Use Case: Smart research on the Intelligent Campus
What’s the issue?
The Intelligent Campus is bringing together the features of the university campus with developments, such as the Internet of Things, to provide new research opportunities. An university campus offers an ideal environment for experimentation with a large population that is likely to be motivated to take part in research along with an excellent technology infrastructure including increasing numbers of internet linked devices and sensors. Obvious areas for research include: energy use, air quality, water use, traffic flows and, health and wellbeing. This use case only looks at a snapshot of the possible research on the intelligent campus.
Are there any current examples?
There are already instances of the use of the Internet of Things in the research lab. For example, freezers used by the evolutionary-biology laboratory at Harvard University, holding valuable samples, are internet connected and able to message researchers, who may not be on campus, on their current status.
A number of universities are already using their whole campuses for research. The University of Twente in the Netherlands is developing a set of experiments under a programme called the Living Campus. These experiments include:
- A health experiment – before using a toilet the user is identified via a fingerprint and their urine is then analysed, they are then weighed while washing their hands. Using this type of data individual’s health can be monitored, also campus wide trends can be identified using anonymised data. Additionally the experiment tests the sensors and diagnostic equipment deployed, on behalf of commercial suppliers.
- Using the connectivity of the myriad of smartphones, tablets and other devices connected to the wireless network, research is taking place into crowd movement around the campus identifying busy events, helping space utilisation and improved campus navigation.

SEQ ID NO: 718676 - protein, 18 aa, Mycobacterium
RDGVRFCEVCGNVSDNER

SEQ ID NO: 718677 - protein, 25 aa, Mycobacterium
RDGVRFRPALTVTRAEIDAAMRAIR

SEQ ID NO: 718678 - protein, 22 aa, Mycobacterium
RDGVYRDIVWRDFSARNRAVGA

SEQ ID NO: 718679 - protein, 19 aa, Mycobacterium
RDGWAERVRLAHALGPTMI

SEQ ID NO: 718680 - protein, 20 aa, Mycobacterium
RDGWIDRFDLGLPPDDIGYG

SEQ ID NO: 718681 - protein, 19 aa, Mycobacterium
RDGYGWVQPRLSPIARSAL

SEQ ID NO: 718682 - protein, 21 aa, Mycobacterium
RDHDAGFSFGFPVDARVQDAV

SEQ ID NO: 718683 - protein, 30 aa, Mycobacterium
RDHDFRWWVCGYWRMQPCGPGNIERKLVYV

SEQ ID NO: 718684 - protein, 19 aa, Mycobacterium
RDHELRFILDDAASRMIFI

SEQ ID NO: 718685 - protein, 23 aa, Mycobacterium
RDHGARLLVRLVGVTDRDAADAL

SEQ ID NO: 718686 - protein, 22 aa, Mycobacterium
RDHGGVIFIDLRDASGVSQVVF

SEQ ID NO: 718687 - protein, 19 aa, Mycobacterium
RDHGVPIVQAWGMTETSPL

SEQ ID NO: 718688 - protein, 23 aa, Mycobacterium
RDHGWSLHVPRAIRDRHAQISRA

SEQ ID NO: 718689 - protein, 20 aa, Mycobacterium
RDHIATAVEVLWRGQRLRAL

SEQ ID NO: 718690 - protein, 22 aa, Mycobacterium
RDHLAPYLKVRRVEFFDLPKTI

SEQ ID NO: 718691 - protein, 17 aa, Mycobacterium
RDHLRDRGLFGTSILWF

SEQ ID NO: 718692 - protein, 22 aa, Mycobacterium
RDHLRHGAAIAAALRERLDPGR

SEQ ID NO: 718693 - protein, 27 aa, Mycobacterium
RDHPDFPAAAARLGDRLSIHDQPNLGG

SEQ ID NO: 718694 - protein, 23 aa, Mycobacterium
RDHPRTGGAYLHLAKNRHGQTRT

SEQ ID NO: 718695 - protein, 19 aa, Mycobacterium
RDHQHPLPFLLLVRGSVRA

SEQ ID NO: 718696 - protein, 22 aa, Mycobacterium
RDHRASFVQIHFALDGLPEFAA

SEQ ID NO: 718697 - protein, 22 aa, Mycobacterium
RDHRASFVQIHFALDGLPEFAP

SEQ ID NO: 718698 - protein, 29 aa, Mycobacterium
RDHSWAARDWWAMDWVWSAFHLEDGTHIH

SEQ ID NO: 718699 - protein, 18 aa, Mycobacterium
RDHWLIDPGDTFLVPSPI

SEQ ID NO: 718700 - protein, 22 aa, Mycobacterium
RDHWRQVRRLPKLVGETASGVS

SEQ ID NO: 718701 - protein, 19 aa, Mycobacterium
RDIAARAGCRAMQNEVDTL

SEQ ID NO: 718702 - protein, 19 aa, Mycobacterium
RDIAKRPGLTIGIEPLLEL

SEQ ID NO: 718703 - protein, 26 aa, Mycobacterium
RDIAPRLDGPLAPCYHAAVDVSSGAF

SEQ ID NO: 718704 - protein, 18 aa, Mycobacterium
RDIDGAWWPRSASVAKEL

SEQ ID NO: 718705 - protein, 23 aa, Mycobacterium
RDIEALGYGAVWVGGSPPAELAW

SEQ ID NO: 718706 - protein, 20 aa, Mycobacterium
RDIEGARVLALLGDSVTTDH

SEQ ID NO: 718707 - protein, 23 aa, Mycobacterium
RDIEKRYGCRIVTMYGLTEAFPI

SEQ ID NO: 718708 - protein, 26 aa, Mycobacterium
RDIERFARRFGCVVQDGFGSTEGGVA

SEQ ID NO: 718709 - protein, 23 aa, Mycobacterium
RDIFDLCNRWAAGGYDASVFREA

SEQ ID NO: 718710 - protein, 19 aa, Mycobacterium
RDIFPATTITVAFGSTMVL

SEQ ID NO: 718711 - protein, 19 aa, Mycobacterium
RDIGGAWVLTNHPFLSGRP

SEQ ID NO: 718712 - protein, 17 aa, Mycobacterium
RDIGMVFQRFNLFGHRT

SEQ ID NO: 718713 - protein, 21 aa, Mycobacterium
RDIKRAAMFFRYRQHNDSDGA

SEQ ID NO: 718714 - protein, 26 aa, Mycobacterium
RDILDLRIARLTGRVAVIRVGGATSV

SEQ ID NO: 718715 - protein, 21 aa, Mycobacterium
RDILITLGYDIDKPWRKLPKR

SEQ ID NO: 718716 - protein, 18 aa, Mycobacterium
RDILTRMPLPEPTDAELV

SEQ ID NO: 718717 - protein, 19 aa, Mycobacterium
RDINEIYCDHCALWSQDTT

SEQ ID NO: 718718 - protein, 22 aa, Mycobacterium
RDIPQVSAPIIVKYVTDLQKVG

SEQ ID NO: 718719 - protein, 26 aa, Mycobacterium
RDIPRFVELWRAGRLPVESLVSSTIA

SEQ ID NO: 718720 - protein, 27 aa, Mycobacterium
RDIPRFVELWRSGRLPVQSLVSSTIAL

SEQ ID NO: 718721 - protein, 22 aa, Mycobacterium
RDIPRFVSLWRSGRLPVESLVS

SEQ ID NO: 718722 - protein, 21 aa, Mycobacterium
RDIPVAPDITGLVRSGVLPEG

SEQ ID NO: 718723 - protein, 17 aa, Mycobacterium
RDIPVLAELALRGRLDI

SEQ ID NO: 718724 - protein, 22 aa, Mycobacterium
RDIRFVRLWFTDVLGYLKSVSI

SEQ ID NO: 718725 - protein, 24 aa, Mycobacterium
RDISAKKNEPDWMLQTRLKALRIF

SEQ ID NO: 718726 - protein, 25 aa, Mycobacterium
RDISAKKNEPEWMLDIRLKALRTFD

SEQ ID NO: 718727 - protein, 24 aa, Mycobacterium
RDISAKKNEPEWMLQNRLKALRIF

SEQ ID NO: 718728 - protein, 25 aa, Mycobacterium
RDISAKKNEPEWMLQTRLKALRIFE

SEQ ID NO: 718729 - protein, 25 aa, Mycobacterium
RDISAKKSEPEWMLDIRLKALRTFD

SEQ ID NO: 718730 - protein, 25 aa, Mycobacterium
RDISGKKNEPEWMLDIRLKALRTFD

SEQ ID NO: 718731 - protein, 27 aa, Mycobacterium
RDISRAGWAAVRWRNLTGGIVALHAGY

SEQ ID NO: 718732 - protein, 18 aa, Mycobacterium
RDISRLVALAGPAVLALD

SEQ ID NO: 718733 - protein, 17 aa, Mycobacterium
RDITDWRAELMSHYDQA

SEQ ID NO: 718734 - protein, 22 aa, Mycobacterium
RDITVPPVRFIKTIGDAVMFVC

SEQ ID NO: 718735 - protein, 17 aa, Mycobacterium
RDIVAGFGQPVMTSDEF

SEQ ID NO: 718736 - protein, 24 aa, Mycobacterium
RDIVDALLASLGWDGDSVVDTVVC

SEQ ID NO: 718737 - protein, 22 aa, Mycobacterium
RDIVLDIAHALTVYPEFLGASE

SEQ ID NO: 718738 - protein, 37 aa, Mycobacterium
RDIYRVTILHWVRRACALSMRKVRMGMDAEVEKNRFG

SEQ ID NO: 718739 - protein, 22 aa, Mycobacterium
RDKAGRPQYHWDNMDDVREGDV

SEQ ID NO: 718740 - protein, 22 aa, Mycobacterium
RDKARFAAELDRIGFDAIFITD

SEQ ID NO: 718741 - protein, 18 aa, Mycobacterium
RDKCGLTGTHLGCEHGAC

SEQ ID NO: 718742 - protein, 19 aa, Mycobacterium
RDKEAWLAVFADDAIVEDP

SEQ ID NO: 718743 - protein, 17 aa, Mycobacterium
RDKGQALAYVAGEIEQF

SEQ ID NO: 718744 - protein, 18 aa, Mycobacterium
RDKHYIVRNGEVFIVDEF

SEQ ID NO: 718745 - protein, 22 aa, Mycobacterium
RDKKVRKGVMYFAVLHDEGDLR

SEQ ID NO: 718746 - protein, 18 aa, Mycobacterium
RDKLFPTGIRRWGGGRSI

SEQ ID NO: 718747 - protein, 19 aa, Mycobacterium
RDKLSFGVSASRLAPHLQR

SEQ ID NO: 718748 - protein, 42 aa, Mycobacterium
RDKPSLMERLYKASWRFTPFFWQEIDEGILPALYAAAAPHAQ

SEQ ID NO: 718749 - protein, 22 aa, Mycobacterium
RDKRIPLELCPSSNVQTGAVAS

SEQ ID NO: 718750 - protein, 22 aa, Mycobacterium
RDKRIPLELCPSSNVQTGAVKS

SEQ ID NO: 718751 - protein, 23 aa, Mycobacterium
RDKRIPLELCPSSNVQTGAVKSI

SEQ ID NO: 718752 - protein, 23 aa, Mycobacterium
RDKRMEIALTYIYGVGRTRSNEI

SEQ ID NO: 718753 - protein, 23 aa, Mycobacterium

- Energy consumption in student accommodation is being monitored and published. There is a competitive element with students who use the least energy receiving prizes. This has the added benefit of stimulating innovation amongst the student body..
So how could it work?
As the the Internet of Things becomes pervasive across the campus, and in the research lab, not only will there be new research opportunities using the data that can be collected but Open Data initiatives will enable the wider community access. Experiments will allow research results and data to be collated, managed and published by the experiment equipment itself. The data will be metadata tagged and be machine readable. Any researchers will be able to access, reuse and interpret the results. The development of systems such as the Automatic Statistician (funded by Google) will be then used interpret the ever increasing quantity data being produced.
What about ethical and other issues?
As with many intelligent campus developments, research using the wider university community will have a number of ethical issues to consider. These will include the gaining of consent from the individuals involved and the secure management of personal data.
Who needs to be involved?
The development of research on the intelligent campus will be a need to a wide range of university or college departments and directorates to work together including research groups, IT services and estate services. This will be a difficult hurdle to overcome and will need the establishment of cross departmental groups to be implemented.